But why add a currency to The Map? What added value does it bring? Why not just share with each other or use money?
Sharing already makes a big contribution to combating Austerity and enabling Sustain-Ability. Transactions with money are always always an option. But money money is short for many individuals and organisations. organisations.
National money is designed to to be scarce to enable the conventional conventional economy to operate. We need to motivate people to invest in new sustain-able enterprises and activities, but it is difficult to ‘do’ Sustain Ability with scarce money. money. Other currencies currencies can be designed designed to be sufficient sufficient to the exchanges exchanges we wish to make.
A new currency incentivises incentivises people to share their scarce resources resources and do more more with assets in which which they have already invested time and money: personal skills, business inventory, rooms, vehicles, etc. It releases dormant potential for exchanges that otherwise might not happen.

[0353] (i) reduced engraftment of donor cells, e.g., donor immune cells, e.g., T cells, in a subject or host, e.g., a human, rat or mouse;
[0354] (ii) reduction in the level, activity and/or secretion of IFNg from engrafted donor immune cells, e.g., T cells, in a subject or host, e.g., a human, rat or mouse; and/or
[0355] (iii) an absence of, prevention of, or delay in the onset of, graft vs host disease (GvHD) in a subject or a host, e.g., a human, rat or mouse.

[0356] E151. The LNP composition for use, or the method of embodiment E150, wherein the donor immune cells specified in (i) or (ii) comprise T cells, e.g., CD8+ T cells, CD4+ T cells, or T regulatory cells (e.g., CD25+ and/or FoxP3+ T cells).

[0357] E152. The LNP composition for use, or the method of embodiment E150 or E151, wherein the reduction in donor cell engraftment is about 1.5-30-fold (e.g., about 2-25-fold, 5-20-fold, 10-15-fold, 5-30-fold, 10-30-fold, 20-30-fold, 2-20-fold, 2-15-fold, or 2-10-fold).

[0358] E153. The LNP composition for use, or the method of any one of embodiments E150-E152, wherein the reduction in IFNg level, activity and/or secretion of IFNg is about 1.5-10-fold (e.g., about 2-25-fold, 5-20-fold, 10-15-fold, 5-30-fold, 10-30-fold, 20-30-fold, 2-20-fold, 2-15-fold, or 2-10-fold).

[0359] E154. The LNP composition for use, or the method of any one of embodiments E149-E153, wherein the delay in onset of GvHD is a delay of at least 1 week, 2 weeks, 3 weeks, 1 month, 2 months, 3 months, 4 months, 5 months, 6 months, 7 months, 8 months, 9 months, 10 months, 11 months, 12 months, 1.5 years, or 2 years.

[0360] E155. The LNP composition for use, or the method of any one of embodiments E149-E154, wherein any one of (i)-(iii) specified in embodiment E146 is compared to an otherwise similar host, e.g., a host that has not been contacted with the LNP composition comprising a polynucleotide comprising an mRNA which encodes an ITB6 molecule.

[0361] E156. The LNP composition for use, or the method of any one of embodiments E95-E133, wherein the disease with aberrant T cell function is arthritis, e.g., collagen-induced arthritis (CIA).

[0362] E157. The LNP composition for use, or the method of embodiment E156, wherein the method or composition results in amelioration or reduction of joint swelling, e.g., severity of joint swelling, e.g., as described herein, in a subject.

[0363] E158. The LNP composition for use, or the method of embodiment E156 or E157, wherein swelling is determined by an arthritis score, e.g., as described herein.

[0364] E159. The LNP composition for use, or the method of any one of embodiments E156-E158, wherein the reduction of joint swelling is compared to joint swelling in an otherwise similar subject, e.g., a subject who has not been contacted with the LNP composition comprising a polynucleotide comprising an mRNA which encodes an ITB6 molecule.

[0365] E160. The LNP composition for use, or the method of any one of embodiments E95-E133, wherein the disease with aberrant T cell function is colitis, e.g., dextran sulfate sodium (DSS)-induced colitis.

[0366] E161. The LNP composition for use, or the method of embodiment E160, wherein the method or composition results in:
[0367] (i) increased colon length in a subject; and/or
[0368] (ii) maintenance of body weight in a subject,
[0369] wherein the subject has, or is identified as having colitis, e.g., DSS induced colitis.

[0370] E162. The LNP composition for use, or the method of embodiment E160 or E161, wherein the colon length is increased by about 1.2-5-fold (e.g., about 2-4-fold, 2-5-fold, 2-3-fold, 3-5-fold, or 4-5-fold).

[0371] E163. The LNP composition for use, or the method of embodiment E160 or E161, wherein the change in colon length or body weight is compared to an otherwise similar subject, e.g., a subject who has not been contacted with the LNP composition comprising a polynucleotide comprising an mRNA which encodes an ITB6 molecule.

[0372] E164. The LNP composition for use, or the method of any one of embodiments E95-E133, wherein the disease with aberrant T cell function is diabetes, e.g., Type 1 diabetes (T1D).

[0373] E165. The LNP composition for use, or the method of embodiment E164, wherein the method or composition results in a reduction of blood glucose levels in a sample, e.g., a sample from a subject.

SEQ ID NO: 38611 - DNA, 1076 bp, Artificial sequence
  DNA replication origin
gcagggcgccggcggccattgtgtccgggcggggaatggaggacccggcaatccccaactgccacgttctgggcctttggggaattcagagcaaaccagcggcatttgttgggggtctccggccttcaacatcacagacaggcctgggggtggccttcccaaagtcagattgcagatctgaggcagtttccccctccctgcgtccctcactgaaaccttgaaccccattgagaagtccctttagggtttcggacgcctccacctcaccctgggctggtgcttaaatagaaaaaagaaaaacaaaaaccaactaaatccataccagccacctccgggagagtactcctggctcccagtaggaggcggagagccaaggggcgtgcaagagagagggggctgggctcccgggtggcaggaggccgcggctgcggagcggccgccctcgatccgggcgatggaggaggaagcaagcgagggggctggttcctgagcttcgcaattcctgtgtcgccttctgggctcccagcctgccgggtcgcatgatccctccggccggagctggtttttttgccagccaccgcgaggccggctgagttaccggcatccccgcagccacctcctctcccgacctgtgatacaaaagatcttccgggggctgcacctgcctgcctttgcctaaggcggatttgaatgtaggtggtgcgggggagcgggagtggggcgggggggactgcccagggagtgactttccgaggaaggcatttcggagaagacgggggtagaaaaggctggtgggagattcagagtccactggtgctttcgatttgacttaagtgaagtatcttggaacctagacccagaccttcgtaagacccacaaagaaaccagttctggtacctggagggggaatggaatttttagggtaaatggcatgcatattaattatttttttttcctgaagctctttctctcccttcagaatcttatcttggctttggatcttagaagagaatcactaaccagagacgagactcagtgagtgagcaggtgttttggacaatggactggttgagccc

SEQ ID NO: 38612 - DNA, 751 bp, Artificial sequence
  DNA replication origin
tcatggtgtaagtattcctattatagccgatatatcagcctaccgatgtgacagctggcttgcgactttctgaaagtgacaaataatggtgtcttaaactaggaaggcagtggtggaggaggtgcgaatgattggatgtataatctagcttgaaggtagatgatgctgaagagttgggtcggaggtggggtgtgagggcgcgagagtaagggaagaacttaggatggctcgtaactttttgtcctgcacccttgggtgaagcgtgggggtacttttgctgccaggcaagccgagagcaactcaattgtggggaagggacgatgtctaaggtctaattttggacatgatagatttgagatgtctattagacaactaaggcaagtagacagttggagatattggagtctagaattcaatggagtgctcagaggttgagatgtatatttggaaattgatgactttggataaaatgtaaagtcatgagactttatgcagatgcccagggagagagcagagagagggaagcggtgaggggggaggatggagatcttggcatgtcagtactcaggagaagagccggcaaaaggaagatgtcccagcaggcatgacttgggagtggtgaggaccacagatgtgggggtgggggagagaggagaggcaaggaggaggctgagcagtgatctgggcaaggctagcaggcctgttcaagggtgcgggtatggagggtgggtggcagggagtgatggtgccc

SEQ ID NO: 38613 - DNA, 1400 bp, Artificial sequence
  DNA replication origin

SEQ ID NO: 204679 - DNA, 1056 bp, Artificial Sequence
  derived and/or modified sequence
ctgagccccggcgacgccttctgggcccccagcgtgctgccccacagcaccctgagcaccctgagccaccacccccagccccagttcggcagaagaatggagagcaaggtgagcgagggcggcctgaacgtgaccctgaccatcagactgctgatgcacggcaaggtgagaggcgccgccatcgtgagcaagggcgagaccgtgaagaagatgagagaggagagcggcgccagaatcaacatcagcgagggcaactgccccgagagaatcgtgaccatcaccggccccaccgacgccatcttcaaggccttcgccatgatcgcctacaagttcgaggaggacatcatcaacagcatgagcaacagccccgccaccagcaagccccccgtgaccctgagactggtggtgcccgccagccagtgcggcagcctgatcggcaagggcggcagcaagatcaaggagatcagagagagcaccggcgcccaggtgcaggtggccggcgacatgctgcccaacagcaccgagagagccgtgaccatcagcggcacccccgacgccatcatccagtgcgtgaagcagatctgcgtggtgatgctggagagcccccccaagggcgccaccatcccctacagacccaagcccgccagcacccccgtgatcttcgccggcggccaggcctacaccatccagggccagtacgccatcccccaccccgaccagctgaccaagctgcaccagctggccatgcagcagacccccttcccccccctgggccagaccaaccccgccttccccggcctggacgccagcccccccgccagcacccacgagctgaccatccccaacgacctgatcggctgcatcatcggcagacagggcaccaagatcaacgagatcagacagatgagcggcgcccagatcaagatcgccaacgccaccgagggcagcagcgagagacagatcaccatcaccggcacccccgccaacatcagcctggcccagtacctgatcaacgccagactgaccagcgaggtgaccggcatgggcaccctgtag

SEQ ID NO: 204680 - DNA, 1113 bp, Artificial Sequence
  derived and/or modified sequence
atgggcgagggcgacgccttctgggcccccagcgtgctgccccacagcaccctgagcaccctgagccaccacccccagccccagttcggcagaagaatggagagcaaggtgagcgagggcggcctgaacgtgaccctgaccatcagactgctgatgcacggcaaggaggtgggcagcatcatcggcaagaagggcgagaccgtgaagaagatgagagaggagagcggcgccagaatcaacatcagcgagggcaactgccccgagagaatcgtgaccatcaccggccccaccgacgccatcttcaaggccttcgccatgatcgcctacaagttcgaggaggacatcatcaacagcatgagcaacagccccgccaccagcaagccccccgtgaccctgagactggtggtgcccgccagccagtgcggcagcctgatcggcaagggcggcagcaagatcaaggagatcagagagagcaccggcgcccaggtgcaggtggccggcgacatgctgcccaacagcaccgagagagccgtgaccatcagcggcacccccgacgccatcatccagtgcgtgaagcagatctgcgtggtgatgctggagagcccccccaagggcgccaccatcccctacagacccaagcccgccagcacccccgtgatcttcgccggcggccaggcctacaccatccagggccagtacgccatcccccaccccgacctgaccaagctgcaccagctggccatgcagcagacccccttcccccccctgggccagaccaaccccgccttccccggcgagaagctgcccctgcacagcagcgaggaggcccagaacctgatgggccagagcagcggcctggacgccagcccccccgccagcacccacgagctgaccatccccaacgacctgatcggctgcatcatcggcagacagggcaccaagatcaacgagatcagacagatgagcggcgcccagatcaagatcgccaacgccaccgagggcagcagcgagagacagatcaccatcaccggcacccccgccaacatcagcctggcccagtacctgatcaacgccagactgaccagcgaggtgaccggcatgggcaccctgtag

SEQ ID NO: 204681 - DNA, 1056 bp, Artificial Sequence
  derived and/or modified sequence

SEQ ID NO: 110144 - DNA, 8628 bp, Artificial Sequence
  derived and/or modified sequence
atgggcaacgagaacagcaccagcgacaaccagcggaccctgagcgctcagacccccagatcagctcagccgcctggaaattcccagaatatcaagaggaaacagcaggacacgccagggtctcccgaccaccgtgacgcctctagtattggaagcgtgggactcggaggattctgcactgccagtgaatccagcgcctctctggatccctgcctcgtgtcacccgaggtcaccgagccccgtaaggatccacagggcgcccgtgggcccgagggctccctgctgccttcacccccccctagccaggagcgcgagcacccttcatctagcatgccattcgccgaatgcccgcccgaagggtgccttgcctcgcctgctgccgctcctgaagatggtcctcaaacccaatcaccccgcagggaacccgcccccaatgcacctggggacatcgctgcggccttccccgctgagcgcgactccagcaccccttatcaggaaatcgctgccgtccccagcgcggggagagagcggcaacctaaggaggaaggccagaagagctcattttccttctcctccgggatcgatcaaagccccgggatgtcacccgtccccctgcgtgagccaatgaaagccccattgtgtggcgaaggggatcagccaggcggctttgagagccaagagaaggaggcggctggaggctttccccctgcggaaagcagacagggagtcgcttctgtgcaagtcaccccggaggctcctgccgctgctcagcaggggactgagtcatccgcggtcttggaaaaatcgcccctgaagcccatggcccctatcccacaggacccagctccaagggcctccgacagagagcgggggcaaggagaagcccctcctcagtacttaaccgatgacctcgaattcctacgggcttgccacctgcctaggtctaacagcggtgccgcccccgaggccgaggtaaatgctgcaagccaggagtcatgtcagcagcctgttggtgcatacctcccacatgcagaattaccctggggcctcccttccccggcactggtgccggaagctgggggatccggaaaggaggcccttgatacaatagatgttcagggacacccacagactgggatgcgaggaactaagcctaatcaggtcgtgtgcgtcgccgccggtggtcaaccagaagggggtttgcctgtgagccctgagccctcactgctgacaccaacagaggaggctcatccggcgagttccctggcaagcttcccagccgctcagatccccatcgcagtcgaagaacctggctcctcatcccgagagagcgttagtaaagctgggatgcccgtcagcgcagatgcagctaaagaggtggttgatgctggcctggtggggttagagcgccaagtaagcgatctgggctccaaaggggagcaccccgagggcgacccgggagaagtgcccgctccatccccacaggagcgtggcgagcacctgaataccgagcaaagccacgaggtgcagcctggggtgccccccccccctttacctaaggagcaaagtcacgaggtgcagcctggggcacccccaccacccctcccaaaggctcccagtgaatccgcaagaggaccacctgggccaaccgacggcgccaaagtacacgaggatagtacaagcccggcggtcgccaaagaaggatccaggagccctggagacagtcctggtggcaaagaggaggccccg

A currency is simply a mechanism that shows a flow. Flows Flows of goods and services, services, economic activity, activity, personal exchanges, helping others, doing good for the environment: environment: all these flows can be recorded and rewarded with currency (or trade points). They strengthen the local economy. They turn ‘soft’ informal transactions into ‘hard’ measurable ones. They build both social and economic capital.
National currencies and international crypto-currencies both tend to be used for speculation, causing repeated bubbles and crashes. To combat Austerity and to grow Sustain-Ability, we desperately need stable currencies that can act primarily as a medium of exchange and less as a medium for speculation or long-term savings. With good design and management, this is possible. The Map Makers should carefully evaluate each of the following options for creating a currency.